An article in the current edition of the CPSU's Aontas Magazine by Dr Micheál Collins (NERI) highlights the most recent CSO data on income in Ireland. In particular, the article notes the CSO's findings on the distribution of disposable income - the money households have in their pocket to spend after receiving any social welfare entitlements and having paid their taxes.
In 2010 the CSO found that 30% of households lived on less than €21,000 per annum (disposable income) while 60% of households lived on less than €38,000. Looking at the distribution of disposable income, chart 1 shows the division of income across all households who are classified into ten groups - ranging from the 10% of households with the lowest incomes (bottom) to the richest 10% (top).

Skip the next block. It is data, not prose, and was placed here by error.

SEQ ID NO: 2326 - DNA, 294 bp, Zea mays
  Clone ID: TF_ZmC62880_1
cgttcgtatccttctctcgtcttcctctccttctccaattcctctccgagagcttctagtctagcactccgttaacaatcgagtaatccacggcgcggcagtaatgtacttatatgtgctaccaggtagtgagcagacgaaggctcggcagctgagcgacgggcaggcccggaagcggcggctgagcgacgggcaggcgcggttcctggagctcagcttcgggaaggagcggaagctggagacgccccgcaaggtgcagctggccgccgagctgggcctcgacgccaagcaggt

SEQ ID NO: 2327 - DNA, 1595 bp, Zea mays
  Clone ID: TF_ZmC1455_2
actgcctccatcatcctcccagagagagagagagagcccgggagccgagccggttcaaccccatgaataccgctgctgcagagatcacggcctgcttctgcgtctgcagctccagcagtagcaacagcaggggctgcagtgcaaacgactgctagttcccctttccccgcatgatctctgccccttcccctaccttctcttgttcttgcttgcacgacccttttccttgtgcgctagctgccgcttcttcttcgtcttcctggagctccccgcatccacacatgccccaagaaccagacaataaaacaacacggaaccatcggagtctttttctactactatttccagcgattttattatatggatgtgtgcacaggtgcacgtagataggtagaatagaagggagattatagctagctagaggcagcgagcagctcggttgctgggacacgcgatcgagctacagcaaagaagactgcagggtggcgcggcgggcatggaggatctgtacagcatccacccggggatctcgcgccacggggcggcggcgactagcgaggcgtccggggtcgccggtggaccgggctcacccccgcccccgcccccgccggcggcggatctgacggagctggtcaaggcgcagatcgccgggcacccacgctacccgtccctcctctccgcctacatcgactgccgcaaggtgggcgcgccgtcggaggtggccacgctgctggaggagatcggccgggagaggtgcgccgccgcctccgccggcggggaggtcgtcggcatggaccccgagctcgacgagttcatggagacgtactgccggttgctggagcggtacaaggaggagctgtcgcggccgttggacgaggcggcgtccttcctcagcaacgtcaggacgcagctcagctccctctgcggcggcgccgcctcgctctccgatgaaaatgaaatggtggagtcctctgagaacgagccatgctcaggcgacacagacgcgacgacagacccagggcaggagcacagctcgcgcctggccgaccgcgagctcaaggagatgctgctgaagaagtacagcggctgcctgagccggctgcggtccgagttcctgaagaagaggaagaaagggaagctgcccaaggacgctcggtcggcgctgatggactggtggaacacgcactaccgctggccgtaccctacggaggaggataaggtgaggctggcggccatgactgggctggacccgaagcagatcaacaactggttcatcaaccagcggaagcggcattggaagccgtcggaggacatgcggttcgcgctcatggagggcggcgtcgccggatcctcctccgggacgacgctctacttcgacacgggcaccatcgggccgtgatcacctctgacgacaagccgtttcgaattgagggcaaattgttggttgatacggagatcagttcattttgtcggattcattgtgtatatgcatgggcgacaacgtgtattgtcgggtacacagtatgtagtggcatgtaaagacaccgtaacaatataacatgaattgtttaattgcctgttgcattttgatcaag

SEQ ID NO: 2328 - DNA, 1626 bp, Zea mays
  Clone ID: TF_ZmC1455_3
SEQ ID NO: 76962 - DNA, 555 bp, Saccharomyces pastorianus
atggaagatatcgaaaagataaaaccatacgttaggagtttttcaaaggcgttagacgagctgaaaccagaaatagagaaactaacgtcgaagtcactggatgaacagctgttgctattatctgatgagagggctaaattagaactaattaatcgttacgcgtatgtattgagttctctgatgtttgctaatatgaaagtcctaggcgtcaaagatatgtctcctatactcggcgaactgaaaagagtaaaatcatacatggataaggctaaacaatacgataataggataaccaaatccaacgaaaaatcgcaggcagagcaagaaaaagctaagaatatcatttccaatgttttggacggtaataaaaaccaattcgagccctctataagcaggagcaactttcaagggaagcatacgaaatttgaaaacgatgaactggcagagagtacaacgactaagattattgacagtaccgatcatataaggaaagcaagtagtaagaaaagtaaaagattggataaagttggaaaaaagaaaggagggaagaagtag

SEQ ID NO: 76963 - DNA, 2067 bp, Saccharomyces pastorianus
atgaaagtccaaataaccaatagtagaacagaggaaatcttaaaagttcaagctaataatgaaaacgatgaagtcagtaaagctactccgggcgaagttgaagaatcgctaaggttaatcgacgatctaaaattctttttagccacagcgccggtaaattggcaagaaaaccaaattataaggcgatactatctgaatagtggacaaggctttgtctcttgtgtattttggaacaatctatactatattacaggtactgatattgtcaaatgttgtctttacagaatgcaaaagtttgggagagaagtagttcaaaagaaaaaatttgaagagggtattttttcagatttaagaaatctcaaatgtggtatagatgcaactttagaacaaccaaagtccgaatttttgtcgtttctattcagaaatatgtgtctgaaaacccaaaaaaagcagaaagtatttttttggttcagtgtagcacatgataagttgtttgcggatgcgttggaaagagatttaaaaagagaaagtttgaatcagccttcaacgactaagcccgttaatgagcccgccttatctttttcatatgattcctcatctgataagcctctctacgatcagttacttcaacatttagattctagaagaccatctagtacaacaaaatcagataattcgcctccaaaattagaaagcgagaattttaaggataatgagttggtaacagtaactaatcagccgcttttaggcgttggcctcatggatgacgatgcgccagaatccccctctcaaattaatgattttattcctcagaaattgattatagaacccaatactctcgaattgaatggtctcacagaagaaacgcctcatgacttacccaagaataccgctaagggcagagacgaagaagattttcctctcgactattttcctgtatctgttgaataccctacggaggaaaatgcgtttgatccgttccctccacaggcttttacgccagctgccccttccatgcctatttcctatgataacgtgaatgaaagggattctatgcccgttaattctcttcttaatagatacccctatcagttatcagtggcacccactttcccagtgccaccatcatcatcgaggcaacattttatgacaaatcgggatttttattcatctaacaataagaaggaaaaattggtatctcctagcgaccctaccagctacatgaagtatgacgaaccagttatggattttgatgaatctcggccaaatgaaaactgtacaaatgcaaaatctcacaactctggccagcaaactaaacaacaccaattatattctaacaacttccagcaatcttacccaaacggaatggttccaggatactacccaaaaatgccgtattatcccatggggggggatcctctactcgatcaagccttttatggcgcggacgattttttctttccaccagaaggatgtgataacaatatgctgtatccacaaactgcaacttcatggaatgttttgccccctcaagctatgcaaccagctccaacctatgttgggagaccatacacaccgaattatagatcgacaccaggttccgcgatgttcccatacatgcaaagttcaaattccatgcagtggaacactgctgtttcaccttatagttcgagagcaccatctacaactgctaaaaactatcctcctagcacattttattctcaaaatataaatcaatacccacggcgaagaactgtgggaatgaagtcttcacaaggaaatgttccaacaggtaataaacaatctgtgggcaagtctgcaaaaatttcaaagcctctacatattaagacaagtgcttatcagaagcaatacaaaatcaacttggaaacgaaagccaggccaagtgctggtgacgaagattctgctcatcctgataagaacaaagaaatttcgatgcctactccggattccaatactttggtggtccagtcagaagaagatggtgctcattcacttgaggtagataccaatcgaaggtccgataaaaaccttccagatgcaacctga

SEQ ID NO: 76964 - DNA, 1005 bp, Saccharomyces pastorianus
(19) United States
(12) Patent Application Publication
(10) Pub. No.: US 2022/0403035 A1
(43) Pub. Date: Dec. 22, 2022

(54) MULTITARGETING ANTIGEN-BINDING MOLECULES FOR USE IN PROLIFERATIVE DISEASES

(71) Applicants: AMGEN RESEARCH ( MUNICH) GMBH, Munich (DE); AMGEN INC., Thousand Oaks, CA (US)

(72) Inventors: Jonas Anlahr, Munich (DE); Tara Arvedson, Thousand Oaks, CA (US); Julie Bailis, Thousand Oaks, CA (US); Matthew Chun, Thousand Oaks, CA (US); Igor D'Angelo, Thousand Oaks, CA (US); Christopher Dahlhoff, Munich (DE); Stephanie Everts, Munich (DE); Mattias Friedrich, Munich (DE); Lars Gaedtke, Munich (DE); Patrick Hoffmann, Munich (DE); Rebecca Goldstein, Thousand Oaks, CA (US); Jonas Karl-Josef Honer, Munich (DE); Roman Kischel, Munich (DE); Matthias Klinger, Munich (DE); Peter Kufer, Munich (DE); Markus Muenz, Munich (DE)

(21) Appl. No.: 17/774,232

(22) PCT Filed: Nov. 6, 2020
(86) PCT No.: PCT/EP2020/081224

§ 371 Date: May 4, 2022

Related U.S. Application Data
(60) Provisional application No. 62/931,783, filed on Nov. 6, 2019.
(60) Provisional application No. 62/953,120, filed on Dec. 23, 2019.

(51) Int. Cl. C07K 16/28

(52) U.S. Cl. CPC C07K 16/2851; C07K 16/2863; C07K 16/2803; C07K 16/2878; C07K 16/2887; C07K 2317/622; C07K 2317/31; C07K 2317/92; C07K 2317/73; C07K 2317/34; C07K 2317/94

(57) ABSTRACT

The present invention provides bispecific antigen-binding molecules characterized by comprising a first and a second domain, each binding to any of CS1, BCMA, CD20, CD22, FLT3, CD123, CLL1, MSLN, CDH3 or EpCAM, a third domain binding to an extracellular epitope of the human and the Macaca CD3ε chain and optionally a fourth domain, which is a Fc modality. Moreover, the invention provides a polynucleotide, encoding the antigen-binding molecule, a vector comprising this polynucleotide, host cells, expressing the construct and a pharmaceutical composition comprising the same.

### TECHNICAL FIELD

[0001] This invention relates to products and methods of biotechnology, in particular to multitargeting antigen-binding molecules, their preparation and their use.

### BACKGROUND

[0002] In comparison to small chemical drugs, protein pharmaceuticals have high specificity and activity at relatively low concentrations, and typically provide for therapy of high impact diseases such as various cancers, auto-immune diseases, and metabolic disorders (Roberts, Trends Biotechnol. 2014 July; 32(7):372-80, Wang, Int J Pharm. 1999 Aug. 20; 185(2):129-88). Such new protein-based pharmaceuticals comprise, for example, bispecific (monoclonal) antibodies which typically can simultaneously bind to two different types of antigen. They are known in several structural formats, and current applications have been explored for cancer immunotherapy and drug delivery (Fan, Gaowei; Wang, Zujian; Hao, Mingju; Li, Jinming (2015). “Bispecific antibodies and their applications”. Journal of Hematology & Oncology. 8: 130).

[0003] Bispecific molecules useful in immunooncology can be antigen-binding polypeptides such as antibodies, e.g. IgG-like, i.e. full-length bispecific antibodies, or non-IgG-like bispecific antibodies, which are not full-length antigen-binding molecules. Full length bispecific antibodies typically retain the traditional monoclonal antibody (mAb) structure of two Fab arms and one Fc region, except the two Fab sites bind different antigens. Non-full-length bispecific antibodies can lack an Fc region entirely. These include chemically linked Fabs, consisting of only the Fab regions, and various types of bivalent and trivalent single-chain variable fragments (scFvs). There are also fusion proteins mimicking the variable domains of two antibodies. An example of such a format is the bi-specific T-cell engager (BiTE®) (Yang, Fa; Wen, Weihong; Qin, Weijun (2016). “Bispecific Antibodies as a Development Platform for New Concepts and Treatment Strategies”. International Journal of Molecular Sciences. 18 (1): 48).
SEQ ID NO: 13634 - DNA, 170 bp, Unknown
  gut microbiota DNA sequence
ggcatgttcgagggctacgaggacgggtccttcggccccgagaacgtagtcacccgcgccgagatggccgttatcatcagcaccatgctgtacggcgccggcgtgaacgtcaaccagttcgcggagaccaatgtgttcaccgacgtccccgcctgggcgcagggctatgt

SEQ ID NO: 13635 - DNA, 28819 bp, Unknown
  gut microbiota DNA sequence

In 2010 the top 10% of Irish households received more than 13 times the share of the bottom 10%; indeed the income share of the top 10% exceeds the combined share of the bottom 50% of households.
The CSO's data highlights that there are big and persistent divides in the income distribution in Ireland. It is useful knowledge as we consider reforms to taxes, benefits and earnings. NERI will be using this data to monitor and examine policy changes in its various publications in the months to come. However, one key point that the data illustrates is that living on a low income is a day-to-day reality for a large number of Irish households and Government and society generally needs to take account of this as we consider policy options.
Full article is available here.